Reduce Reuse RecycleFrom corporations, to small businesses, to schools and homes, everyone can do his or her part to recycle. Individual efforts DO help, and communities must work together to reap the full benefits of recycling.
The possibilities are endless: recycling brings benefits both regionally and nationally. The more we recycle, the less waste we generate, which means the less dependent we become on making new landfills in our communities.
Ways to Recycle at Home
- Reusable Bags - Have a designated bag(s) that can be used over and over again for groceries and shopping. Reuse old plastic and paper bags whenever possible. Rather than using ziploc baggies for storage, use washable containers such as tupperware containers.
- Envelopes - By sticking labels over the address you can reuse envelopes. Alternatively, old envelopes can be used as scrap paper to make notes on.
- Jars and Pots - By cleaning glass jars and small pots, you can use them as small containers to store odds and ends.
- Old Clothing – Clothing can be donated to your local Salvation Army or Goodwill store.
- Packaging - Packaging material such as foil and egg cartons can be donated to schools and nurseries, where they can be use in art and craft projects.
- Packing Material - Newspaper, cardboard and bubble wrap Make useful packing material when moving house or to store items.
- Scrap Paper - Scrap paper can be used to make notes and sketches. Don't forget to recycle it when you no longer need it.
- Tires - Old tires can be given to your local petrol station where they will be recycled.
- Towels - Use washable, reusable towels rather than paper towels.
- Wood - Used wood can be used in woodcrafts or as firewood.
- Don't leave lights on when no one is in the room. If you are going to be out of the room for more than five minutes, turn off the light.
- If you know of a light that everyone forgets to turn off, make a sticker or a sign to hang next to the switch that says "Lights Out!" or "Don't Forget!"
- Where possible, use compact fluorescent light bulbs. Those funny-looking bulbs produce the same amount of light by using 1/4 of the electricity. Plus, they last for years and years without burning out.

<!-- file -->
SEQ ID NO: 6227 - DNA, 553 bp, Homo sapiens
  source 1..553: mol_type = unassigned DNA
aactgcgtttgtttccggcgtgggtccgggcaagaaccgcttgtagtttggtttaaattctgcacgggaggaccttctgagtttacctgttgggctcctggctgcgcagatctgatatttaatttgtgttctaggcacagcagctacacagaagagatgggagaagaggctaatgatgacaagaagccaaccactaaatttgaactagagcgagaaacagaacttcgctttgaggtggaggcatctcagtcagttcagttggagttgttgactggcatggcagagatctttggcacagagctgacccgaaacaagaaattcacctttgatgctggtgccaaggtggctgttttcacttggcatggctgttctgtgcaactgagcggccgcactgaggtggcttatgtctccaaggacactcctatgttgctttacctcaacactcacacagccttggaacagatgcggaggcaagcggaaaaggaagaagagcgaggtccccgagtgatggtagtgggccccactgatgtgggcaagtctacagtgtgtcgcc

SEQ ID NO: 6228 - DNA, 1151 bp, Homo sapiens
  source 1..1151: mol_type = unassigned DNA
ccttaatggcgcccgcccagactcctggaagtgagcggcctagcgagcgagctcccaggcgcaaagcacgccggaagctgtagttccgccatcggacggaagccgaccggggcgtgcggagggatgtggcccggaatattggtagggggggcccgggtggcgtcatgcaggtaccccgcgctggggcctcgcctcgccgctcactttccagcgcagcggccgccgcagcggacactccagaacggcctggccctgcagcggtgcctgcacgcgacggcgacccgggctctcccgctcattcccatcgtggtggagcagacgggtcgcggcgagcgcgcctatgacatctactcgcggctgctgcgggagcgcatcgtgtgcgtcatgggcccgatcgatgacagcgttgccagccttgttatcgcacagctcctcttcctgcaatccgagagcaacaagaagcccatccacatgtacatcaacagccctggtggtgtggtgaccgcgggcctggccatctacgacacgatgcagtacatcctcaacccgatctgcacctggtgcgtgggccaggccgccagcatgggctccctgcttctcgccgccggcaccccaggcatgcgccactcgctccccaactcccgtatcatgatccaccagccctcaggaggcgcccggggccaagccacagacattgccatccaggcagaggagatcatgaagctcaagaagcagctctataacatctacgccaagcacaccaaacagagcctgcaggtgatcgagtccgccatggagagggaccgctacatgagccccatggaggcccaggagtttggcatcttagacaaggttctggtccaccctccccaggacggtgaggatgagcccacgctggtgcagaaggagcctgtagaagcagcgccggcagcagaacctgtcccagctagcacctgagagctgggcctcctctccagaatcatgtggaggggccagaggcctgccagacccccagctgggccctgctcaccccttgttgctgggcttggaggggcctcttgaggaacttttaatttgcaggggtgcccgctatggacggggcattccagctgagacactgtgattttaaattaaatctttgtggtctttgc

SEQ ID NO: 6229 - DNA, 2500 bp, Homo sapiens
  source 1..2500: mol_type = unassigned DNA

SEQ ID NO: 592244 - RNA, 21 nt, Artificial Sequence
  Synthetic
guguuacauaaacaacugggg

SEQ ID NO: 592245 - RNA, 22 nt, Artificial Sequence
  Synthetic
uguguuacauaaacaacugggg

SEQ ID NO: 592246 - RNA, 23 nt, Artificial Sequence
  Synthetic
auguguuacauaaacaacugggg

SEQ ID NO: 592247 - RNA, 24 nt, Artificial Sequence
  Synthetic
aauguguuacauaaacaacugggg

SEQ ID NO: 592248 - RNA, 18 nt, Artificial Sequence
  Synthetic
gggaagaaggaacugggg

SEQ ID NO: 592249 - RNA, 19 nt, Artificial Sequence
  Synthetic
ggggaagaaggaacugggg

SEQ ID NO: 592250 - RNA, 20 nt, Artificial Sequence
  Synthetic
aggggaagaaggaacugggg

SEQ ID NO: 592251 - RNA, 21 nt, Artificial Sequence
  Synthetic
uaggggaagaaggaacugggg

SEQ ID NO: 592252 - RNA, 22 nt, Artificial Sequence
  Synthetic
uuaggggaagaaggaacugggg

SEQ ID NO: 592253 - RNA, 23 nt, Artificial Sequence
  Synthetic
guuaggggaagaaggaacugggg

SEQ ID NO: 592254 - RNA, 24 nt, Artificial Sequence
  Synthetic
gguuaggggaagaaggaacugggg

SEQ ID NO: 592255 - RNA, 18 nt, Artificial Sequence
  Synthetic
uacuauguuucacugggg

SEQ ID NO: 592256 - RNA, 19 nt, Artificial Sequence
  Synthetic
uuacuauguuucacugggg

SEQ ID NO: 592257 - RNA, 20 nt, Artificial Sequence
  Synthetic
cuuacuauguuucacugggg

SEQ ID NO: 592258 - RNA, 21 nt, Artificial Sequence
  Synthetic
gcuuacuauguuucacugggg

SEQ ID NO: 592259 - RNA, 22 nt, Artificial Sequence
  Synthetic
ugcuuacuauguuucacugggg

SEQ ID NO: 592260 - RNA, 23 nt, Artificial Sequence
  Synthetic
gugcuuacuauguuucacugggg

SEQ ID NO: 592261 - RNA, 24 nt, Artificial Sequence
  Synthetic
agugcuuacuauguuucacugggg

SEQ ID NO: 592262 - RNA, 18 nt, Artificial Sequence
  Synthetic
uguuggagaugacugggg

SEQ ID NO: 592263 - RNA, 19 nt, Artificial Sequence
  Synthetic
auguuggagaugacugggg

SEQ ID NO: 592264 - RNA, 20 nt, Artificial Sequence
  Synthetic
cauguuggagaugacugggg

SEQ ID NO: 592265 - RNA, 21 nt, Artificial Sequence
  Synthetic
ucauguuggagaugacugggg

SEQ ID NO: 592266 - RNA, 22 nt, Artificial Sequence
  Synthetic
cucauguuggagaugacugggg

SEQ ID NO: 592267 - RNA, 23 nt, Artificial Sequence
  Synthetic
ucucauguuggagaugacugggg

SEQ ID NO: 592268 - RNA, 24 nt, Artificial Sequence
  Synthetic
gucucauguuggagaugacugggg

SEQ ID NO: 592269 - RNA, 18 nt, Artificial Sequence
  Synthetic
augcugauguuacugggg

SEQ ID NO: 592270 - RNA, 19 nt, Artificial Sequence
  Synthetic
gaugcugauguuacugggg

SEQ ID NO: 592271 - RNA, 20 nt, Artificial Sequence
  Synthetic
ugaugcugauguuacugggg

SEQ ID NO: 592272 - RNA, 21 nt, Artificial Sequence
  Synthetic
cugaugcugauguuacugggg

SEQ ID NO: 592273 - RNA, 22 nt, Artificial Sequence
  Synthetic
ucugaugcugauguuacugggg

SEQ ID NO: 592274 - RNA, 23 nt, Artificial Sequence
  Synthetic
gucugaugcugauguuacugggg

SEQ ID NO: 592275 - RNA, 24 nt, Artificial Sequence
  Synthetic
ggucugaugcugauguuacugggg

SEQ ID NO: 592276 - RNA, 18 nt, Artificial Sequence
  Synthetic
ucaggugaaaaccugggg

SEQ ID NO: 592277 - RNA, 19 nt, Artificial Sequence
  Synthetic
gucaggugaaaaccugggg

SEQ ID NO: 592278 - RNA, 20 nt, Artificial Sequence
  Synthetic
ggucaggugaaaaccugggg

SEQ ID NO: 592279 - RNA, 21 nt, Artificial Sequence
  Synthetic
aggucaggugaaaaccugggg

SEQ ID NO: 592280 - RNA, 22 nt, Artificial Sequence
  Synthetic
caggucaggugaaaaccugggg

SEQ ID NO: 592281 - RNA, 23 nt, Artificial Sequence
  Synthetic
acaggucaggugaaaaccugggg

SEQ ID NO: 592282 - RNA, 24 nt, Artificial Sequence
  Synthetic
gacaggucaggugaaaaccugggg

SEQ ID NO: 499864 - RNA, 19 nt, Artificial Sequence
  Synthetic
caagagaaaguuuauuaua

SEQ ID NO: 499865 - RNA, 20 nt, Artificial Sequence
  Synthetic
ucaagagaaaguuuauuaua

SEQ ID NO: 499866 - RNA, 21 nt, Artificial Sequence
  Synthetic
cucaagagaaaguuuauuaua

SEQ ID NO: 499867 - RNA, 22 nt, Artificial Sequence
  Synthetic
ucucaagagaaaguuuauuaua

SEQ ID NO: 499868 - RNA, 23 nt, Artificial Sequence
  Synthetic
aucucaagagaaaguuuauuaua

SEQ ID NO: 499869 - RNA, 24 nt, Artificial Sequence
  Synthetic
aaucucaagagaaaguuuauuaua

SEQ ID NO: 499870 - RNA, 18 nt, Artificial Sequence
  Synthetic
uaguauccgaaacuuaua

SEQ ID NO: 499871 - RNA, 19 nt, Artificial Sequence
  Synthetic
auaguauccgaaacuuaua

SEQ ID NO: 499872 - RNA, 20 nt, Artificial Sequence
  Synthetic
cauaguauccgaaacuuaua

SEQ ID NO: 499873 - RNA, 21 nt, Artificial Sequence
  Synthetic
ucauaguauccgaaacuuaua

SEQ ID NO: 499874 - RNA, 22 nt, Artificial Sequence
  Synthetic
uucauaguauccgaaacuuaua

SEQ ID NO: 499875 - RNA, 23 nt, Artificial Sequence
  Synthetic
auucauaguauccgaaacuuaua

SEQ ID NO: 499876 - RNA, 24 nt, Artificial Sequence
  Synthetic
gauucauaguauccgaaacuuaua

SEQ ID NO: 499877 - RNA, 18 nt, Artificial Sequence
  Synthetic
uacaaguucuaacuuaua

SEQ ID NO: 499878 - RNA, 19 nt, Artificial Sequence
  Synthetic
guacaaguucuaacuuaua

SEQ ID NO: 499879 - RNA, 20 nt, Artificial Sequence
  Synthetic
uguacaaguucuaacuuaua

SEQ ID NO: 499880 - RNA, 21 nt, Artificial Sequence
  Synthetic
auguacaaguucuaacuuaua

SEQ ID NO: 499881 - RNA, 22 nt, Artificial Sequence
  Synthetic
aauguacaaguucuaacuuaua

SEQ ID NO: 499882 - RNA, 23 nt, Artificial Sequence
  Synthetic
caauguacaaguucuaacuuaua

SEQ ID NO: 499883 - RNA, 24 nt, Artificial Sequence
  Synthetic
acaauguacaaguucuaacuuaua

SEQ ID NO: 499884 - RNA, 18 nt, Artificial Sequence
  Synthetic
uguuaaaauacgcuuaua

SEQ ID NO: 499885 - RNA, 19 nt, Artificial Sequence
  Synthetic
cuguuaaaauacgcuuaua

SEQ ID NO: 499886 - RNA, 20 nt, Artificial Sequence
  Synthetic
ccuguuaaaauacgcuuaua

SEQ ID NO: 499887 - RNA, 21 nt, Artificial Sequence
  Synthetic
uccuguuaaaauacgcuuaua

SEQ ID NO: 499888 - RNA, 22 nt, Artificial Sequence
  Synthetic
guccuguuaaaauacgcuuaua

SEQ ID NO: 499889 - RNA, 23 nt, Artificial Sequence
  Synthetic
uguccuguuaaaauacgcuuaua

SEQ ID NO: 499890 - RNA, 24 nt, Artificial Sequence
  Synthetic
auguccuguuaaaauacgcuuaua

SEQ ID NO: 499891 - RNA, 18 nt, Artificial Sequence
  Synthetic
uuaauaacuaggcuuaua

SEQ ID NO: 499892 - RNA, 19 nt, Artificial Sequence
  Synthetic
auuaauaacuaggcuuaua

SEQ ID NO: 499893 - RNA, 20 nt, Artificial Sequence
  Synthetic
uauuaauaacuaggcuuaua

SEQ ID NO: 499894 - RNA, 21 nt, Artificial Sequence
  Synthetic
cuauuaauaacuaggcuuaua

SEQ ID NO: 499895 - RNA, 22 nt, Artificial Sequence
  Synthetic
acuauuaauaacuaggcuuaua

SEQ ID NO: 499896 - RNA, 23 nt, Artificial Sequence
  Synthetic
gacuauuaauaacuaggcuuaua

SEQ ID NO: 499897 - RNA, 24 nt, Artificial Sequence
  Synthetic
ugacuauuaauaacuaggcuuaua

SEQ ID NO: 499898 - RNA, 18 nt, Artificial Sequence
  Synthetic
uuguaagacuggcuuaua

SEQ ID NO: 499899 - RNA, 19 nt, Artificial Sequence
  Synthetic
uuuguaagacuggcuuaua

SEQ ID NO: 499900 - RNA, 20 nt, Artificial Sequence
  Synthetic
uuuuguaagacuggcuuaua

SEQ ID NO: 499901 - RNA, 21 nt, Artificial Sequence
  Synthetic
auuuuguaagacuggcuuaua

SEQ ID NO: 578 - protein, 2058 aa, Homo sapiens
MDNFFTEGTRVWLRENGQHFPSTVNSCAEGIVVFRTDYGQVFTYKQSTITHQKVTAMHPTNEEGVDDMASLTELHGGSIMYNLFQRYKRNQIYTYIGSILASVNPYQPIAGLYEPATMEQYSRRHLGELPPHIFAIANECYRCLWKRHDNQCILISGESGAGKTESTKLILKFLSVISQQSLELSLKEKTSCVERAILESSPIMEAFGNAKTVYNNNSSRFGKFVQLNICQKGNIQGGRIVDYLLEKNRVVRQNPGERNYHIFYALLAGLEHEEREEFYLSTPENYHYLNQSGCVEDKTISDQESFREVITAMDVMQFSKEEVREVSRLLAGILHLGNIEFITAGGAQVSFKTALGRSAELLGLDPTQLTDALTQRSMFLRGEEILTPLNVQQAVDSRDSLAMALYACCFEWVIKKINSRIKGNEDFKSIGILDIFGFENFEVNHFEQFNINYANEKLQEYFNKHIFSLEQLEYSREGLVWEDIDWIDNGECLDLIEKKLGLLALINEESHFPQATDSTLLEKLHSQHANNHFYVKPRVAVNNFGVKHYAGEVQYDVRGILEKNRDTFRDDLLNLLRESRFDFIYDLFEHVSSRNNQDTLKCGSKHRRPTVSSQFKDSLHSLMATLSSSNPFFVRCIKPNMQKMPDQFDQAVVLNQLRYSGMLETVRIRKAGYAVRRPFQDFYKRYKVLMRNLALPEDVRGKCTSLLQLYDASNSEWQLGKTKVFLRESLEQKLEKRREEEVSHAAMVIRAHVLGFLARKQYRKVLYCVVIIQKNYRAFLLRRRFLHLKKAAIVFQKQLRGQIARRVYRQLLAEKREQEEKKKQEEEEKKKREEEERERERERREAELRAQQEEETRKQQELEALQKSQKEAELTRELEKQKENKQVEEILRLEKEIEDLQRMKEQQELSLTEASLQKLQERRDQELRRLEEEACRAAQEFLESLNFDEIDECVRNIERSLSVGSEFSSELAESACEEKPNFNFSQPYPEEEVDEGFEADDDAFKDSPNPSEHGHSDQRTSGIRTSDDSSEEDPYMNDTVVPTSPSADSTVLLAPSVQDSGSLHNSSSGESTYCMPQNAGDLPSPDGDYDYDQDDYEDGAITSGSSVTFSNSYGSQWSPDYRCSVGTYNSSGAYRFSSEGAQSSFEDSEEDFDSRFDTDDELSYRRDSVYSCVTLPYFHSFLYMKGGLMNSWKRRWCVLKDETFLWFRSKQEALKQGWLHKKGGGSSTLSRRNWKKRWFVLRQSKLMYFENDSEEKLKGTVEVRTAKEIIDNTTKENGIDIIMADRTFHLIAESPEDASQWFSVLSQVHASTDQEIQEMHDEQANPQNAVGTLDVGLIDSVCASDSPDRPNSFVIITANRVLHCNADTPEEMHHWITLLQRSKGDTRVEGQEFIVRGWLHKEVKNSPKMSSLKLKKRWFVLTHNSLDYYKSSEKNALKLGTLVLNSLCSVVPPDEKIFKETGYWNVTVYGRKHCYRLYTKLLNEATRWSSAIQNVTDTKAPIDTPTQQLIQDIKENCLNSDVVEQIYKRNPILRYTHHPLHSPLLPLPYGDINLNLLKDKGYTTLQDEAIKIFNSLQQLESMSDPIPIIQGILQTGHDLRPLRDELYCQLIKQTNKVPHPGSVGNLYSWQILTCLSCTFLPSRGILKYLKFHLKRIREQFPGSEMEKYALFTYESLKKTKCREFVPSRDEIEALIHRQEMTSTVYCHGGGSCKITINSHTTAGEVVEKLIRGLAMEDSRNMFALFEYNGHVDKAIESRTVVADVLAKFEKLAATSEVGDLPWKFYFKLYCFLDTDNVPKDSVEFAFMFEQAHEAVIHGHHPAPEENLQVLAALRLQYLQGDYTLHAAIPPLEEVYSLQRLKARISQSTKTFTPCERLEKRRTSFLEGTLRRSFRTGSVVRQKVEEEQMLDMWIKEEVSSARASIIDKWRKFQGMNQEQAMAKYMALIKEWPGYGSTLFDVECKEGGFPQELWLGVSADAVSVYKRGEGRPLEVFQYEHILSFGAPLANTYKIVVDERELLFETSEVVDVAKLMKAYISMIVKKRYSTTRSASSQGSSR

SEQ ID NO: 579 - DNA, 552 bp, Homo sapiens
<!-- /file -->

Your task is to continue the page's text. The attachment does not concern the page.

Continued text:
- Don't leave on your computer, TVs, radios or games that use electricity when you're not using them.
- Wasting water wastes electricity. Why? Because the biggest use of electricity in most cities is supplying water and cleaning it up after it's been used! Save energy in the bathroom by fixing leaky faucets and toilets and taking shorter showers. You can also save energy by investing in a low flush toilet or a water saving showerhead.
- Buy rechargable batteries.
- Buy Eco-Friendly Products. Eco friendly products are products that do not harm the environment, whether in their production, use or disposal. Some of these going green products when in use, help conserve energy, minimize carbon footprint or the emission of greenhouse gases, and does not lead to substantial toxicity or pollution to the environment. Other green products are biodegradable, recyclable or compostable. Hence, they do not harm the environment or upset the ecological balance when they are disposed of. There are also eco friendly products that are made out of recycled materials. These recycle products help reduce the need for new raw materials and the amount of waste sent to landfills and incinerators (because waste can be diverted to making recycled products). In turn, demand for these recycle products will also help complete the recycling loop, and sustain the recycling industry.
Eco-Friendly Labels / Brands